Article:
In 1666, while strolling through a garden, one of history’s most influential scientists was struck by a flash of creative brilliance that would change the world.

Sir Isaac Newton noticed an apple fall to the ground while standing in the shade of an apple tree. “Why should that apple always descend perpendicularly to the ground,” wondered Newton. “Why should it not go sideways, or upwards, but constantly to the earth’s center? Assuredly, the reason is, that the earth draws it. There must be a drawing power in matter.” The reason, without a doubt, is that the earth pulls it. “Matter must have a drawing power.”

The concept of gravity was thus born.

The story of the falling apple has become one of the most enduring and iconic representations of the creative process. It’s a representation of the inspired genius that fills your mind during those “eureka moments” when the conditions are just right for creativity.

Most people overlook the fact that Newton worked on his theories about gravity for nearly two decades before publishing The Principia: Mathematical Principles of Natural Philosophy in 1687. The incident with the falling apple was only the beginning of a decades-long train of thought.

The famous page describing Newton’s apple incident in Memoirs of Sir Isaac Newton’s Life by William Stukeley.

Newton isn’t the only one who has spent years pondering a brilliant idea. For all of us, creative thinking is a process. In this article, I’ll discuss the science of creative thinking, as well as the conditions that encourage and hinder creativity, as well as practical tips for becoming more creative.

Is It Destiny Or Development When It Comes To Creative Thinking?

Our brains must make connections between seemingly unrelated ideas in order to think creatively. Is this a natural ability or one that requires practice? Let’s take a look at the research to find out.

A study of 1,600 five-year-olds was conducted in the 1960s by a creative performance researcher named George Land, and 98 percent of the children scored in the “highly creative” range. Each subject was re-tested every five years by Dr. Land. Only 30% of the same children scored in the highly creative range when they were ten years old. By the age of 15, the percentage had dropped to only 12%, and by the age of 25, it had dropped to just 2%. The children’s creativity was effectively trained out of them as they grew into adults. “Non-creative behavior is learned,” according to Dr. Land.

Other researchers have discovered similar patterns. According to one study of 272,599 students, while IQ scores have increased since 1990, creative thinking scores have decreased.

This isn’t to say that creativity can’t be taught. Genetics is a factor. “Approximately 22% of the variance [in creativity] is due to the influence of genes,” says psychology professor Barbara Kerr. Studying the differences in creative thinking between sets of twins led to this discovery.

To summarize, claiming that “I’m just not the creative type” is a pretty lame justification for avoiding creative thinking. Certainly, some people are born with a higher capacity for creativity than others. However, almost everyone is born with some level of creative ability, and the majority of our creative thinking abilities can be developed.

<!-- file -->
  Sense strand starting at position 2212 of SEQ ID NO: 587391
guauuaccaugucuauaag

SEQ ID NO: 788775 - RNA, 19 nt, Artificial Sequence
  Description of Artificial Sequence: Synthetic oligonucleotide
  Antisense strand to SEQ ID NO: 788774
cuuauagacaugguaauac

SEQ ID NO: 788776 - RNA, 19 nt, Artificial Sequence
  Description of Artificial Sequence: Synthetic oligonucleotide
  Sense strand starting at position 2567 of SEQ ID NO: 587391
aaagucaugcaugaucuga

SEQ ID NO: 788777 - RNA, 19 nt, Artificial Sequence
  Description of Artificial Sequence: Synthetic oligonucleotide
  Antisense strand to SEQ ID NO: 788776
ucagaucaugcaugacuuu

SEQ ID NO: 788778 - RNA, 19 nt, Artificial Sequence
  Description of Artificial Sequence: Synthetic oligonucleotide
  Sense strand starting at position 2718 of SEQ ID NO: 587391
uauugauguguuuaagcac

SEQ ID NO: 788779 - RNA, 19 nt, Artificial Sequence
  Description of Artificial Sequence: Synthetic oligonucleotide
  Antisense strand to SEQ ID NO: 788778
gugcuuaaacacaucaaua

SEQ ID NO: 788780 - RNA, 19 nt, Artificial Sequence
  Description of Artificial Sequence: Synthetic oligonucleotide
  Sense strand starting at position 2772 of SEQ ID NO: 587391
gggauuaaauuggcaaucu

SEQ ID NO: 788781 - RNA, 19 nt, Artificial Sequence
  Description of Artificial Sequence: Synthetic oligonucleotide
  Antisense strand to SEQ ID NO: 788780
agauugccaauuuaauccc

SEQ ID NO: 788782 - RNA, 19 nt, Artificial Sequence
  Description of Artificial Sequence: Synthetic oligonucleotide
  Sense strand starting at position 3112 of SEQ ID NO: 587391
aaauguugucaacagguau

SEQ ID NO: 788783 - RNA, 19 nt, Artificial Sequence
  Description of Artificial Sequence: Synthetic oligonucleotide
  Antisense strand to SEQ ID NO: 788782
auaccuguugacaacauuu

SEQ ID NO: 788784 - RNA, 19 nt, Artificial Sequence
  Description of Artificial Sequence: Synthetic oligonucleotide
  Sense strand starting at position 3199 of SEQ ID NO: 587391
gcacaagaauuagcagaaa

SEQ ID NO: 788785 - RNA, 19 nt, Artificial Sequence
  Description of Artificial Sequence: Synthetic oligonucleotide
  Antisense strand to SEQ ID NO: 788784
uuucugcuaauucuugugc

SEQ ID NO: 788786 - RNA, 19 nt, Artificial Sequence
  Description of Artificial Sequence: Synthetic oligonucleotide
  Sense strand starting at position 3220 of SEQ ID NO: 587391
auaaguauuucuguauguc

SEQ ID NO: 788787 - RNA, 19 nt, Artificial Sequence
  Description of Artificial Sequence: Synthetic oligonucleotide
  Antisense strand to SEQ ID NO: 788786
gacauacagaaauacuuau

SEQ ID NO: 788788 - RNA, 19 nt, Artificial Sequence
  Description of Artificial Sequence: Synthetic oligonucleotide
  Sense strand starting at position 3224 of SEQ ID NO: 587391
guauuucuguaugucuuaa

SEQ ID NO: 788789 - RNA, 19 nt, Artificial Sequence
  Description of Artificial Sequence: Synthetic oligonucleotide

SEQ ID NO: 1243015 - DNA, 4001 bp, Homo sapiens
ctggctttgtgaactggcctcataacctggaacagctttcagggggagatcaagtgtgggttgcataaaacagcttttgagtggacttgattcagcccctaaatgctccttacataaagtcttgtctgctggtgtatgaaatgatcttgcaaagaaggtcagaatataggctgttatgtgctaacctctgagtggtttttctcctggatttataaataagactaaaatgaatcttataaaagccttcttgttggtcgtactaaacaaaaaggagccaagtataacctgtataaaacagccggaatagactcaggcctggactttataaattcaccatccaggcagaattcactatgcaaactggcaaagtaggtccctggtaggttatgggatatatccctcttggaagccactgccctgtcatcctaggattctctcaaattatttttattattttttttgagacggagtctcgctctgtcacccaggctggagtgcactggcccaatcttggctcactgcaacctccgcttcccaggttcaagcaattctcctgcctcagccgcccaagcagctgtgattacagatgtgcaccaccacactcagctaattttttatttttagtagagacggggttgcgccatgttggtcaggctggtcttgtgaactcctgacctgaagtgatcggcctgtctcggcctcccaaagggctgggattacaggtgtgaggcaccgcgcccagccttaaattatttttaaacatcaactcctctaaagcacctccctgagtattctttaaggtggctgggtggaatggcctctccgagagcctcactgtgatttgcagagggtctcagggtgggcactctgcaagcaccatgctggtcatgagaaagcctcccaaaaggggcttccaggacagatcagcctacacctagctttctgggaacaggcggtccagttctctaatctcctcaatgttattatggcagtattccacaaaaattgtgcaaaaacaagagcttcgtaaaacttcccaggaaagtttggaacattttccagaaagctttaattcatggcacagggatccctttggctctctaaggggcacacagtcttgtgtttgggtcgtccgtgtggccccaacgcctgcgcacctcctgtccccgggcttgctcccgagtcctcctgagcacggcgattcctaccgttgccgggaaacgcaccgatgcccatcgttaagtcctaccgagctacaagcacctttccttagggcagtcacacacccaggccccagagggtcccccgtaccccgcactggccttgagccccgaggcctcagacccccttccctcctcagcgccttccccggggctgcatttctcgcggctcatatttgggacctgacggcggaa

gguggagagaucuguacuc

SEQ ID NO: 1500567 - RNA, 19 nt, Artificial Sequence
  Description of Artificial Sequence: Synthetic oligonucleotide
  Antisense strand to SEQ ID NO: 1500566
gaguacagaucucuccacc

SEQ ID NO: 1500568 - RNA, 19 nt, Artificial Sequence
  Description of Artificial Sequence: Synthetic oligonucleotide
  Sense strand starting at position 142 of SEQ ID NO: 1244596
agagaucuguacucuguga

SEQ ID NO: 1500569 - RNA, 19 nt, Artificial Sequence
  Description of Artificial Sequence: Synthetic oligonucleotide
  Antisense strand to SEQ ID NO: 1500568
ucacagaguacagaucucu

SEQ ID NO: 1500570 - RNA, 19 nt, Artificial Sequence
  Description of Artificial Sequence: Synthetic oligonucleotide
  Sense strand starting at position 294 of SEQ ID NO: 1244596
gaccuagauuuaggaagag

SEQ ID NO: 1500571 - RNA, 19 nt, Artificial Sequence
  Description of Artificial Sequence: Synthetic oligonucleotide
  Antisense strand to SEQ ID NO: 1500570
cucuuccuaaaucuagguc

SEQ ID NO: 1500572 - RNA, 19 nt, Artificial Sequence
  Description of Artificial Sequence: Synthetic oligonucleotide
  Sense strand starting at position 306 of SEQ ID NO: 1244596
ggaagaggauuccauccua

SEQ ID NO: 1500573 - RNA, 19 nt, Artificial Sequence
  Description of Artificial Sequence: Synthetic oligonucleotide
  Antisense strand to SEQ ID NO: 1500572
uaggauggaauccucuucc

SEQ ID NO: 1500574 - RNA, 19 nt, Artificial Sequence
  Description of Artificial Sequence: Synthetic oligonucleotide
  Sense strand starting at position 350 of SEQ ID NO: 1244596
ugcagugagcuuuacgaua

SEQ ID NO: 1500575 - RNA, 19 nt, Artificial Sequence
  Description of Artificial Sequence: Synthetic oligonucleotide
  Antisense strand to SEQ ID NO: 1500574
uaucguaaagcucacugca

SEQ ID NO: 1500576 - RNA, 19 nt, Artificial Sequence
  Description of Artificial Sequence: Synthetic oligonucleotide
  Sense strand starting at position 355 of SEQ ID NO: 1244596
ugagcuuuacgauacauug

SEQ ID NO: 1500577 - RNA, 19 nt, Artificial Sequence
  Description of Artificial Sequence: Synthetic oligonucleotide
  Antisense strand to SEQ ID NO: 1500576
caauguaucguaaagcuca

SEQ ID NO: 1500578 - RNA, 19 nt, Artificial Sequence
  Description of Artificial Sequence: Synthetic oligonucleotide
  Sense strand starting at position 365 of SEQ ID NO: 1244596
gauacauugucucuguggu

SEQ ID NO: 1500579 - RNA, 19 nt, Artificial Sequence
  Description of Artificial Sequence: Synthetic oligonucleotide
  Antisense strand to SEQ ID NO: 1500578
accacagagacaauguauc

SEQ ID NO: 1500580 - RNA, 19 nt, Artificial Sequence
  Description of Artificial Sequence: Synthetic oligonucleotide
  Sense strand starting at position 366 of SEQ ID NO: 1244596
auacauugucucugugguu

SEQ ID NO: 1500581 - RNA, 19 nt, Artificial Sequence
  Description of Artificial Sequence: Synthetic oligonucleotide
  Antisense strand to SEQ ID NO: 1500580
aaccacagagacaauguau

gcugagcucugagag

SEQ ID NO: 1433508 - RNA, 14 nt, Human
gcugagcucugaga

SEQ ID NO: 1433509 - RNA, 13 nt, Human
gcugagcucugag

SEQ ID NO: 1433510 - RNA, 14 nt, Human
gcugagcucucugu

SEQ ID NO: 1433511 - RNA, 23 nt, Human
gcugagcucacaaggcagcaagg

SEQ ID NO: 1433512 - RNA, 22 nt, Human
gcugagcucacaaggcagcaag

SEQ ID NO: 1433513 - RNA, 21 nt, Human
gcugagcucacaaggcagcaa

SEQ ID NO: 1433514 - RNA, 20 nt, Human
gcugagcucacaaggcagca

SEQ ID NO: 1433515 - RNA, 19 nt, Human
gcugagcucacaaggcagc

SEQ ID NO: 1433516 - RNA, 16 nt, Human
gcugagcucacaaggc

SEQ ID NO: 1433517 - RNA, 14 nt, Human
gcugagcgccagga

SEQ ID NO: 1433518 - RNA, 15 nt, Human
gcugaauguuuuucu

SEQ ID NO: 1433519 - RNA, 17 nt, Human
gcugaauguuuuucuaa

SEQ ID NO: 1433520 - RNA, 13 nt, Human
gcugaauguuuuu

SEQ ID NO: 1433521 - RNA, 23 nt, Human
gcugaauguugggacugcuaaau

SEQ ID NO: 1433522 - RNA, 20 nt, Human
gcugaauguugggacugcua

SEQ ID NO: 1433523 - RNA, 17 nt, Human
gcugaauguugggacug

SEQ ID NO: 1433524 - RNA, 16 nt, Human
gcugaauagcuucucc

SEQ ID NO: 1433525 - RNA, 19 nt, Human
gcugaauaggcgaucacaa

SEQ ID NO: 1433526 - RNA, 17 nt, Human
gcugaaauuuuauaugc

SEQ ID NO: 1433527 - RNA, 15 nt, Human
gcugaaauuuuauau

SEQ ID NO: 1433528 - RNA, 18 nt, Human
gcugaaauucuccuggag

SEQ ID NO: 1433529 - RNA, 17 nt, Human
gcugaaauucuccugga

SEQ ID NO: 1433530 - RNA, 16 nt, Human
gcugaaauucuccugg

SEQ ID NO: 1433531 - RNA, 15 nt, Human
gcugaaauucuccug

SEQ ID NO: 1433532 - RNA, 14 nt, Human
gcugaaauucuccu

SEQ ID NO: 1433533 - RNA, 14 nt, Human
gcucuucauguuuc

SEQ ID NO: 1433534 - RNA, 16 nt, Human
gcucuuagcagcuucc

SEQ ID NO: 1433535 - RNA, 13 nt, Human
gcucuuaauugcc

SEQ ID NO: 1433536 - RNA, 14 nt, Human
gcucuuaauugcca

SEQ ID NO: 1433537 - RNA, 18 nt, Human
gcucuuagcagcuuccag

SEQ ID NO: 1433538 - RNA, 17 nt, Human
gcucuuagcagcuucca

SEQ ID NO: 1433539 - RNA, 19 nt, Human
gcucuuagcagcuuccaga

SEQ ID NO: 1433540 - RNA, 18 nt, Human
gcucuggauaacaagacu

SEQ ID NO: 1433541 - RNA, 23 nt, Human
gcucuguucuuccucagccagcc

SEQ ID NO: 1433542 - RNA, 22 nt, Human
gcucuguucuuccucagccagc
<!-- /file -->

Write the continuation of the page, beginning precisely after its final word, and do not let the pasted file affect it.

Let’s talk about why—and how—practice and learning affect your creative output now that we know creativity is a skill that can be improved.

Creative Thinking and Intelligence

What are the prerequisites for realizing your creative potential?

As I mentioned in my article on Threshold Theory, being in the top 1% of intelligence has nothing to do with being a phenomenally creative person. Instead, you must be intelligent (not brilliant) and then work hard, practice deliberately, and complete your reps.

Brilliant creative work is well within your reach as long as you meet a certain level of intelligence. “We obtained evidence that once the intelligence threshold is met, personality factors become more predictive of creativity,” researchers from a 2013 study wrote.

Mindset for Growth

When it comes to boosting your creative thinking, what exactly are these “personality factors” that researchers are referring to?

Internally, one of the most important factors is how you view your talents. More specifically, whether you approach the creative process with a fixed mindset or a growth mindset has a big impact on your creative abilities.

Carol Dweck’s fantastic book, Mindset: The New Psychology of Success, goes into great detail about the differences between these two mindsets (audiobook).

The basic premise is that when we approach tasks with a fixed mindset, we approach them as if our talents and abilities are unchanging and fixed. In a growth mindset, on the other hand, we believe that with effort and practice, we can improve our abilities. Surprisingly, the way we talk about and praise our efforts can easily nudge us in one direction or the other.

In Dweck’s words, here’s a quick summary:

“The entire self-esteem movement erroneously taught us that praising intelligence, talent, and abilities would foster self-confidence and self-esteem, and that everything great would follow.” However, we’ve discovered that it has the opposite effect. People who have been praised for their talent are now concerned about doing the next thing, about taking on the difficult task, and not appearing talented, tarnishing their brilliance reputation. As a result, they’ll stay in their comfort zone and become defensive when they experience setbacks.